Fracking faces an "uphill struggle" to gain public acceptance, says the chair of the industry’s shale gas taskforce.
The comments from Lord (Chris) Smith came as the body published a report on the environmental and health impacts of the industry, which said fracking could be safe in the UK as long as provisions are in place to prevent some of the potential side effects and that these are well regulated.
Those side effects include seismic activity caused by industrial processes, the potential contamination of ground water, methane emissions and the impacts on local people's health.
The taskforce drew on the available evidence from the US and the UK when coming up with its recommendations, but Lord Smith said that the industry and government needed to be more transparent about the dangers.
"I think there's an uphill struggle here because the public are sceptical,” he said. "The thing I've said from the outset to the industry the two absolutely essential things are complete openness and transparency about what you're doing and full engagement with local communities from the outset."
He criticised the Environment Department (Defra), which published a heavily-redacted report on shale gas extraction that later turned out to have had all the potential negative impacts of fracking deleted when the full report was published earlier this month.
"Again the lesson of this is full openness and full transparency from the outset. The moment you redact 90 per cent of the report everyone's going to immediately assume you've got things to hide," he said.
The taskforce’s second interim report has called for baseline monitoring of air, water and ground conditions from the moment a potential site is identified for fracking, rather than waiting for planning permission.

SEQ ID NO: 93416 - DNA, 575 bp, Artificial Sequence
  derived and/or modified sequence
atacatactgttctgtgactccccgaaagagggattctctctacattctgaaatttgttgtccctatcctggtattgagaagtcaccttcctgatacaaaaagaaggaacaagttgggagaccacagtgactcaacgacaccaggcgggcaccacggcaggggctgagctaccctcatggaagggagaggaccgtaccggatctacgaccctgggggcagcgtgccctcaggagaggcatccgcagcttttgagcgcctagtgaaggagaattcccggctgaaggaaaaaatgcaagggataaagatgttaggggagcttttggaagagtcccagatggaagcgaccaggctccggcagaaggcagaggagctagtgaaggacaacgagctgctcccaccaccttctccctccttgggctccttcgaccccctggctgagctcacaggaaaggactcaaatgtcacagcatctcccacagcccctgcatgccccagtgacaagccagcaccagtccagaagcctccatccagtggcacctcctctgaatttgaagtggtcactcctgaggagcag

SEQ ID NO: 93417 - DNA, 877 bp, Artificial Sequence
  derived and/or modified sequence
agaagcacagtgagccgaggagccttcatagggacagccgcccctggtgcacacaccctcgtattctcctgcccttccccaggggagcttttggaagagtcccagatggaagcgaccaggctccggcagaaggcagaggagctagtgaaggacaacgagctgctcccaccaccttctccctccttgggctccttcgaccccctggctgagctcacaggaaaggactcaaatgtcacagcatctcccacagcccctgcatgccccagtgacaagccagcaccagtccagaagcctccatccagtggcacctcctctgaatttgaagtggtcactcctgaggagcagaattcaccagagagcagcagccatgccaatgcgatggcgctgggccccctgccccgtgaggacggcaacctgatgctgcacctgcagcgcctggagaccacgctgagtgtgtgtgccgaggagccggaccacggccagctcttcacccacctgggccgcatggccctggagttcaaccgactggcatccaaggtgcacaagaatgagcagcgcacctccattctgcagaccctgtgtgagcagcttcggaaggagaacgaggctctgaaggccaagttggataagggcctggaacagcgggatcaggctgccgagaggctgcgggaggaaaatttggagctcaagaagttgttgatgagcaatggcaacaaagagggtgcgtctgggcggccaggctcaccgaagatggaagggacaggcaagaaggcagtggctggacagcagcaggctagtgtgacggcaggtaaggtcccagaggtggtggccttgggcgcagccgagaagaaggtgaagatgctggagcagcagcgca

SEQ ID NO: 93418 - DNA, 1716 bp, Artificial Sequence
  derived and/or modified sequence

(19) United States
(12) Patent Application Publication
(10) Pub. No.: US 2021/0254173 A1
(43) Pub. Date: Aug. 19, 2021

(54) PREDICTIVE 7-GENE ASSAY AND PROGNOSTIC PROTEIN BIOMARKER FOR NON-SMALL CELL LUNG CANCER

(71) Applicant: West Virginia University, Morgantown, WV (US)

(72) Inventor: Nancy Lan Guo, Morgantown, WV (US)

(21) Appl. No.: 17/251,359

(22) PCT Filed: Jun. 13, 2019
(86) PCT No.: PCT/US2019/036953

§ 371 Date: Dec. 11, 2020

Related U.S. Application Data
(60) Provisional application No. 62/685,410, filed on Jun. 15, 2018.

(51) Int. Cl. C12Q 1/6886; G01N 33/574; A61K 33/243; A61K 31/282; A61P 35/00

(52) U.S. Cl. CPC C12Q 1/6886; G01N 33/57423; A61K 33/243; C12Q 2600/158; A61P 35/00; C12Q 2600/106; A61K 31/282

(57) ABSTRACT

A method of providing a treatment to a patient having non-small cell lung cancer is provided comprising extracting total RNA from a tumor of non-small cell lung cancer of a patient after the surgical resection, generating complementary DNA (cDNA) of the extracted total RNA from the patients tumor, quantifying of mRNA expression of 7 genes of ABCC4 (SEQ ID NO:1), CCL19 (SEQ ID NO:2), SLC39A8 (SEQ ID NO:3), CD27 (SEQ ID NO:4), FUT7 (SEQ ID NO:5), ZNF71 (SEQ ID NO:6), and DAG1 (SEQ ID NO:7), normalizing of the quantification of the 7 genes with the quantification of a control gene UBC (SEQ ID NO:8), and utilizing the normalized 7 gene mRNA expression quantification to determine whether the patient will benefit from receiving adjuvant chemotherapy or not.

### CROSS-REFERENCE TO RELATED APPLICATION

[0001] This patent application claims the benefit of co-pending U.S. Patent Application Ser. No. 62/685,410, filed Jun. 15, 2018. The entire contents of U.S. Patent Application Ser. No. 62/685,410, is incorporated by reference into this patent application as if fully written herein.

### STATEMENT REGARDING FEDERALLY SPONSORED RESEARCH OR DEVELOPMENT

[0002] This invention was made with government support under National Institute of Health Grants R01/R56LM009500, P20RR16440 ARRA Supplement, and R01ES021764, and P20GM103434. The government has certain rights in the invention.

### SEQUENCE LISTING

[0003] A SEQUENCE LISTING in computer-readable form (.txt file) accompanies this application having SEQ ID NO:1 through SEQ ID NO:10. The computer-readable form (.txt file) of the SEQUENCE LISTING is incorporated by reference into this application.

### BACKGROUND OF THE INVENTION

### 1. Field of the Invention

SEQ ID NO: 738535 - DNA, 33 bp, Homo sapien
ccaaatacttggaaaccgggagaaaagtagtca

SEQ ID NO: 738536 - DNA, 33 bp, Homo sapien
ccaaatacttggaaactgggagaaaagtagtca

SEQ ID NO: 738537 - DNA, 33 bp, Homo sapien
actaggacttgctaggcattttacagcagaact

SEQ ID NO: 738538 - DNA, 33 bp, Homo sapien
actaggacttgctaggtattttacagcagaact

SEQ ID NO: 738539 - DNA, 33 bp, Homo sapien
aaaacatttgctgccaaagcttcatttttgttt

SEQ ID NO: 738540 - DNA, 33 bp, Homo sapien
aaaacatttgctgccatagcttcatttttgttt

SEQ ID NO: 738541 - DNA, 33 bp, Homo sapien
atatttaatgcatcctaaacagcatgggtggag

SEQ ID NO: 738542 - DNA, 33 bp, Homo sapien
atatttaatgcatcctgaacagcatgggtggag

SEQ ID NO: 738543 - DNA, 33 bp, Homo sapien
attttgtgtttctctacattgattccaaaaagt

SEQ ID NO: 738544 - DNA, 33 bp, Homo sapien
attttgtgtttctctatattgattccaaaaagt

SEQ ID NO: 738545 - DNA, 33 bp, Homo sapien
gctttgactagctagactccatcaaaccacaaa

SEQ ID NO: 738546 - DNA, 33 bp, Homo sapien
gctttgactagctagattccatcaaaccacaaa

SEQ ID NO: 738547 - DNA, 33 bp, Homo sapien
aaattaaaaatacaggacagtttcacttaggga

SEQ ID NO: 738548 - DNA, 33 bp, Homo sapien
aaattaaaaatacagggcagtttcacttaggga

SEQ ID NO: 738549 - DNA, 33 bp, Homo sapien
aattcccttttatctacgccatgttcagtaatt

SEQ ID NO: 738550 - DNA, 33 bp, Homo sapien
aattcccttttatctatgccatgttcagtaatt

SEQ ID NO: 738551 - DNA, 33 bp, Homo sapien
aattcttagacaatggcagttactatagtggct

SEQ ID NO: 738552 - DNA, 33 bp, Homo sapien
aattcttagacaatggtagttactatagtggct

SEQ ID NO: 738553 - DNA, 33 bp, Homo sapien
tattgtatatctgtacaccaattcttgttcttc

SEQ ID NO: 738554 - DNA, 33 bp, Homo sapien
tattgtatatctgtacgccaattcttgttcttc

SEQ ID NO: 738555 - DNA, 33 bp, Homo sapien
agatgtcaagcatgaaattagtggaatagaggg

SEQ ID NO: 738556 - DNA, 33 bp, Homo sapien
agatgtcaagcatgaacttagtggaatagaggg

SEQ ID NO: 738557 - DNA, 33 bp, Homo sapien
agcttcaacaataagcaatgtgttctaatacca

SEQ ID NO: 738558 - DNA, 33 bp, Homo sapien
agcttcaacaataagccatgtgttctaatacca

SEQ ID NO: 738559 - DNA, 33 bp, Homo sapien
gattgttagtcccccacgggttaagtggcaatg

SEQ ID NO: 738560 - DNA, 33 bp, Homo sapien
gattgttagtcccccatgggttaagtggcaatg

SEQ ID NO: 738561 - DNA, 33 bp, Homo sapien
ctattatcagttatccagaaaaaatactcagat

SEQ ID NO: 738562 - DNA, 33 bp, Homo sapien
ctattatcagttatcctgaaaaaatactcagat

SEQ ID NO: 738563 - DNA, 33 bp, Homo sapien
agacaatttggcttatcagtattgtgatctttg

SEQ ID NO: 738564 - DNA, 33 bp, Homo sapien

The report also said all gas that comes out of the well should be captured to protect the public’s health as well as prevent greenhouse gas emissions. This would mean no venting of gas to the air, no "fugitive" methane emissions and only a small amount of flaring – or burning the gas – allowed where absolutely necessary.
It also calls for full public disclosure of the chemicals used in the process, to reassure people it is safe, as well as independent monitoring and regulation to make sure wells do not leak, to prevent water contamination.
The report recommends that community representatives are involved in the process. Lord Smith said moves such as letting local community representatives go on site with the regulators to witness samples being taken and going to the laboratory to see them being tested, "are the sort of things that have a chance of re-establishing trust".
The industry has already committed to a number of the measures, such as full disclosure of the fracking fluid chemicals, and Lord Smith said he hoped the other recommendations would also be accepted.
While the taskforce was set up as an independent body it is funded by the industry and Lord Smith acknowledged that "committed opponents" of fracking would criticise the report, though he insisted none of the companies involved had influenced their recommendations.
In fact, Friends Of The Earth energy campaigner Tony Bosworth said the report actually supported his group’s assertion that UK regulations are not fit for purpose.
"The report confirms what we have been saying. Despite reassuring words from a Government and industry desperate to get fracking, UK regulations are not tough enough,” he said.
"But tougher rules can only make fracking safer, not safe. This dangerous technology will always carry risks for the local environment and people's health, as well as adding to climate change – so no amount of regulation or industry-funded task forces will make people embrace fracking."
Energy Minister Andrea Leadsom said: "Shale gas has huge potential in Britain, with the opportunity to develop secure, home grown energy supplies which will create thousands of jobs. This report clearly shows that the UK's robust regulatory system will allow this to happen safely and sustainably."